Development of Vicarious Liability of State (Case Comment of Kasturilal v. State of Uttar Pradesh)

The maxim that the ‘King can do no wrong’ and the resulting rule of the common law that the ‘Crown was not answerable for the torts committed by its servants’ have never been applied in India. India, as a State, is a mixed economy of vast population. Also, by virtue of being a semi-socialistic economy, the government still plays a major role in almost all aspects of the economy. This means that there is a lot of interaction between the State and the citizens of India, may it be in the form of trading with government companies, or interacting with the State officers such as the police, or the bureaucrats, etc. It is hence of utmost importance that the State should be made liable for all those acts of its officers which cause harm to any of the citizens.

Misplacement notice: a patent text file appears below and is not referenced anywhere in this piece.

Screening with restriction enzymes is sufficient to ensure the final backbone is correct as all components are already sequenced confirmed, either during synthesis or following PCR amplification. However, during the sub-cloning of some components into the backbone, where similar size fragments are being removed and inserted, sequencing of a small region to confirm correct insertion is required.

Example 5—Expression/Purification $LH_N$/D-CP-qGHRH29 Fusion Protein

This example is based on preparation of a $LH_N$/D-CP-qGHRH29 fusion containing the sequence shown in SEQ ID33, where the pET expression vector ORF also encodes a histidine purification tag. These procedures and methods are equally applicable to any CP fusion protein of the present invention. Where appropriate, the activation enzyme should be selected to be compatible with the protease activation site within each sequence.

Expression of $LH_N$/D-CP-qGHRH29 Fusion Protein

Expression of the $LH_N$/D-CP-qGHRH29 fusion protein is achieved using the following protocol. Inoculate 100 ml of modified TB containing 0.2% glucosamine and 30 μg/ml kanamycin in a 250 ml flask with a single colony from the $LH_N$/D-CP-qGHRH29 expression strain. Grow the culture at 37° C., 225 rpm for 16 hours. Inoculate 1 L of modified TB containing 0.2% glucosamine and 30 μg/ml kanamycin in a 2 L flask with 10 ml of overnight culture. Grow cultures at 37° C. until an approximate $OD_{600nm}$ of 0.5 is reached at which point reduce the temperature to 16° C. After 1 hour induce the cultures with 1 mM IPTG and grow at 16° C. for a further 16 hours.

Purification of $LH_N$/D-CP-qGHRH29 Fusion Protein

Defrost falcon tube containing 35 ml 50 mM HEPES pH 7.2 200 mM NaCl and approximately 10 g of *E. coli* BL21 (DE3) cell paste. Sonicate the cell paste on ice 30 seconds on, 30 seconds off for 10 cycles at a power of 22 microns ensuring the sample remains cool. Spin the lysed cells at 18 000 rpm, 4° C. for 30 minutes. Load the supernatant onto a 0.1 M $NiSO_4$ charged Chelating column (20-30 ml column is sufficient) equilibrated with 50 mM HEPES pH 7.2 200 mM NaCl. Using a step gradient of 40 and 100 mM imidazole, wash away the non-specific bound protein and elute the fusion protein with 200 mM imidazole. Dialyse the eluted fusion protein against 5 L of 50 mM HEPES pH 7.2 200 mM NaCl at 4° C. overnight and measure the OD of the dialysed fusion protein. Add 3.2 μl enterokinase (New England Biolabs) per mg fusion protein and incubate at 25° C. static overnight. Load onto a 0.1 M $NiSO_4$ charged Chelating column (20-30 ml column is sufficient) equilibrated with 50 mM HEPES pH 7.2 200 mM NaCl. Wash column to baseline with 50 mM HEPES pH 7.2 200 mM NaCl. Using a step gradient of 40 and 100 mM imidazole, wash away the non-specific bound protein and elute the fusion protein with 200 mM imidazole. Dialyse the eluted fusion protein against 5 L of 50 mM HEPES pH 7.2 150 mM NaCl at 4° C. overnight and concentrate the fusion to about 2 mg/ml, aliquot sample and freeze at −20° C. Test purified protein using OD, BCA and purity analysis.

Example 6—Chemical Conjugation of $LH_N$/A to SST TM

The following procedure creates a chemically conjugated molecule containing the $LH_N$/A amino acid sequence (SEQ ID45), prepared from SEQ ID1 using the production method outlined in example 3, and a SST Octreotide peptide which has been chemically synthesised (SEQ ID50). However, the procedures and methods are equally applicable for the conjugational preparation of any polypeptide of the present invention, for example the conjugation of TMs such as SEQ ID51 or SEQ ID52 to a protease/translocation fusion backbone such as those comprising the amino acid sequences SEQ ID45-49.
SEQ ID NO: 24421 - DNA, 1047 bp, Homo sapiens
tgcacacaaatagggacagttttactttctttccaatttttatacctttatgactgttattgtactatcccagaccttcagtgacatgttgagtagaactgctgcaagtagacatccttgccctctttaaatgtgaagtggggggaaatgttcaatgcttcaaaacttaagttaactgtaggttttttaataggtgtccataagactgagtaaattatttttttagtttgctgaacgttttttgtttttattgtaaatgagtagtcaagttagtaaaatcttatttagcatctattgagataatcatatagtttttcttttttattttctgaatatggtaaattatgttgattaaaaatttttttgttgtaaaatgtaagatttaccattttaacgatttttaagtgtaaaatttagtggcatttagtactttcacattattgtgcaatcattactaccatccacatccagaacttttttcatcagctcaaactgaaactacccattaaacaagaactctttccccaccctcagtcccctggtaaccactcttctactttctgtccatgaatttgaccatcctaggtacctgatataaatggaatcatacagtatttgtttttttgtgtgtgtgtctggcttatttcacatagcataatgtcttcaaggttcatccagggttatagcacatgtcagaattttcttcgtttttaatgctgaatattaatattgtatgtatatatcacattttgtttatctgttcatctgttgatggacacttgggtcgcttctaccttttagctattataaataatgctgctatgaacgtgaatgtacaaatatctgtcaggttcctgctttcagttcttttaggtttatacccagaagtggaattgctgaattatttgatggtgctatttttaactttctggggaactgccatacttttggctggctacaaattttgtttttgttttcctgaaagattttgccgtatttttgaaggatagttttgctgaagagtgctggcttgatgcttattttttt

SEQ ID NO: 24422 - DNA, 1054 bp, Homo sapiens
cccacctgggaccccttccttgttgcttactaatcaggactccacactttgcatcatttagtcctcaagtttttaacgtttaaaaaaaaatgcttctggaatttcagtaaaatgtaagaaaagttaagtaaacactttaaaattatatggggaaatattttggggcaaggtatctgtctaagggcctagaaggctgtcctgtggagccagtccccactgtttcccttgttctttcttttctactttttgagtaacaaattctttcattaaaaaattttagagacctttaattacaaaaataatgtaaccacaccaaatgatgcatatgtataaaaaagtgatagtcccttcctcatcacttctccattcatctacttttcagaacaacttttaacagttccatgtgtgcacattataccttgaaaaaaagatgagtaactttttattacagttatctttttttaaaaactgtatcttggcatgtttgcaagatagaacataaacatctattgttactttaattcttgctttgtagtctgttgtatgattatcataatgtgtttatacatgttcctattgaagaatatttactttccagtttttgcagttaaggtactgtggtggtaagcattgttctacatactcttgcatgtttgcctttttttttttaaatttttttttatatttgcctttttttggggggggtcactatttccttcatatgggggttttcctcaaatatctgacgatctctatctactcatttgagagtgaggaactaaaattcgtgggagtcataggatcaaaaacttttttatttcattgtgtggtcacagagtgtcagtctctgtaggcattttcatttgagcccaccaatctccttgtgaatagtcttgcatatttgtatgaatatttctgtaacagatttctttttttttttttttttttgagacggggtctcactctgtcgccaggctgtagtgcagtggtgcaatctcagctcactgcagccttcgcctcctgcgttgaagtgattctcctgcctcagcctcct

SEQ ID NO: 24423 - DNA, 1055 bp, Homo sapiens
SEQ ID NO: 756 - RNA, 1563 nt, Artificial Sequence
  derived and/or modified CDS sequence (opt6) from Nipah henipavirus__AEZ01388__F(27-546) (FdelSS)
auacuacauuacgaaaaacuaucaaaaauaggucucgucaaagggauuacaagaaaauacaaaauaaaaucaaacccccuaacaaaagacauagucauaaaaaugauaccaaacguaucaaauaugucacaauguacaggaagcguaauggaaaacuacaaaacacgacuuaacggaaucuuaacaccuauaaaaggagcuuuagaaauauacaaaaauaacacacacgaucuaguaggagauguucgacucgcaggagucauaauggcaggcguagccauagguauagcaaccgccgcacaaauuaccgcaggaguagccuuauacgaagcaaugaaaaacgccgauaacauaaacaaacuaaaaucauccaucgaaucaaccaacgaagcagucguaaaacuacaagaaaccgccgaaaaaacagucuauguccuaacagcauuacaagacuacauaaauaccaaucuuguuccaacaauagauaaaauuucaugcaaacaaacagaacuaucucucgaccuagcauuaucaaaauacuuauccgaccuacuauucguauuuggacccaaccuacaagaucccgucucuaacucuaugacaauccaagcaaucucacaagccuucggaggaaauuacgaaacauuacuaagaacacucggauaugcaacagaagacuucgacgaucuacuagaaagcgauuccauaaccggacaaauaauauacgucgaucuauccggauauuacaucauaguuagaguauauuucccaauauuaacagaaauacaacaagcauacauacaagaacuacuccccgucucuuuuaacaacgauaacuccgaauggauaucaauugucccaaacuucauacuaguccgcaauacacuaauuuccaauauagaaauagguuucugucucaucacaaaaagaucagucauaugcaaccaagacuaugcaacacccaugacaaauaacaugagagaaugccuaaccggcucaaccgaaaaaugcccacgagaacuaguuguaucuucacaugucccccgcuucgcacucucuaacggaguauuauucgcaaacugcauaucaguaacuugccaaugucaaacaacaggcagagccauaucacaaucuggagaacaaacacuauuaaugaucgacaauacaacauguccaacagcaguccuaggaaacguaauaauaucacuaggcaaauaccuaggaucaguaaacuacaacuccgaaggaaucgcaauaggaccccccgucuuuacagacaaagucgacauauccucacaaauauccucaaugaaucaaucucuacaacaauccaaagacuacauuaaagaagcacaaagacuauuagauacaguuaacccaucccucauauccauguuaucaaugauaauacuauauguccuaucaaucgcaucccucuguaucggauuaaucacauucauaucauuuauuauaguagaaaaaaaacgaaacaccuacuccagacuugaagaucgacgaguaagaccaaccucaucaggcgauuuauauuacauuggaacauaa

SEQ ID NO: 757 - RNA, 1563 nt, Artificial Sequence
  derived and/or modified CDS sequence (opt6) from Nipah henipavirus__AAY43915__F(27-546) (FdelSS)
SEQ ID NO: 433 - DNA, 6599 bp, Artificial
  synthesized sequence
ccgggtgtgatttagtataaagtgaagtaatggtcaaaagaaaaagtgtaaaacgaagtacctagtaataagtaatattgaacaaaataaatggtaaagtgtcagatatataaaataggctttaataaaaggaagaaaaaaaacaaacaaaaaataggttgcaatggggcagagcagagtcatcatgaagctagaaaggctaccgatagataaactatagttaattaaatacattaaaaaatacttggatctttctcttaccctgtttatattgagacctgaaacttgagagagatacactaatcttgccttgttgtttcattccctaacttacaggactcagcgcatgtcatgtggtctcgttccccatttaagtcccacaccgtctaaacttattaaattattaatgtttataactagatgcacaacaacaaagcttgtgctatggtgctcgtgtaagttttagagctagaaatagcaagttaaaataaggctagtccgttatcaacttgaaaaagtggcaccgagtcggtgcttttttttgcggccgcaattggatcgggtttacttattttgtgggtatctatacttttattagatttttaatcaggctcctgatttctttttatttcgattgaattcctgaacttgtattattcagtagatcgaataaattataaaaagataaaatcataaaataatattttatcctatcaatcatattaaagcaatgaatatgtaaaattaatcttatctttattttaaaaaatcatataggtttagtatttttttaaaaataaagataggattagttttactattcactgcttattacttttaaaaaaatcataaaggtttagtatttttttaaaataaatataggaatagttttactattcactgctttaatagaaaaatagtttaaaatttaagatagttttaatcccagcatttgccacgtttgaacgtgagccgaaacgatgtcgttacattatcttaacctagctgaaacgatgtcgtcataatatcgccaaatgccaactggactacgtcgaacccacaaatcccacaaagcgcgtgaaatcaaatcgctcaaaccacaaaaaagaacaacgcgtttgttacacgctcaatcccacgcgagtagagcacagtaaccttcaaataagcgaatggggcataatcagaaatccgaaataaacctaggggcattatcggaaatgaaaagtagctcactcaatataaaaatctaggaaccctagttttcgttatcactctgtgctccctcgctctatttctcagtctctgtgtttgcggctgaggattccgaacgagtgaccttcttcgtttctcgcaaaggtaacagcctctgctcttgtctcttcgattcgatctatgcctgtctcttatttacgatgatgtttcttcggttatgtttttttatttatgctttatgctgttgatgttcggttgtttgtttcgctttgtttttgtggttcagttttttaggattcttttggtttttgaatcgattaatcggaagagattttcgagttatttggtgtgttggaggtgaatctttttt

The stance of the Indian Judiciary on the liability of the State for the acts of omission or commission committed by its servants has never been the same, and has kept on changing over the years with varied judgments. The Common Law maxim “Rex Non Potest Peccare”(The King can do no wrong) provided absolute immunity to the Crown in that neither the Crown, nor could its employees or servants ever be held liable for any wrong committed by them. This was, however, never followed in India. The East India Company initially came to India as a trading firm. However, later on it started to rule a large part of the country and the scope of its powers and authority was defined by legislations passed by the British Parliament. After the 1857 uprising the company was dissolved and the rule passed over directly to the British Crown. During this period the liability of the Crown depended upon the powers and authority of the Head of the state. In pre-independence period the liability of the State was a major question which confounded all the courts. At this time a distinction was made between sovereign and non-sovereign functions, with complete immunity being given to the former. However, the scope of sovereign or non-sovereign functions was never clearly defined, and hence depended on judicial interpretation.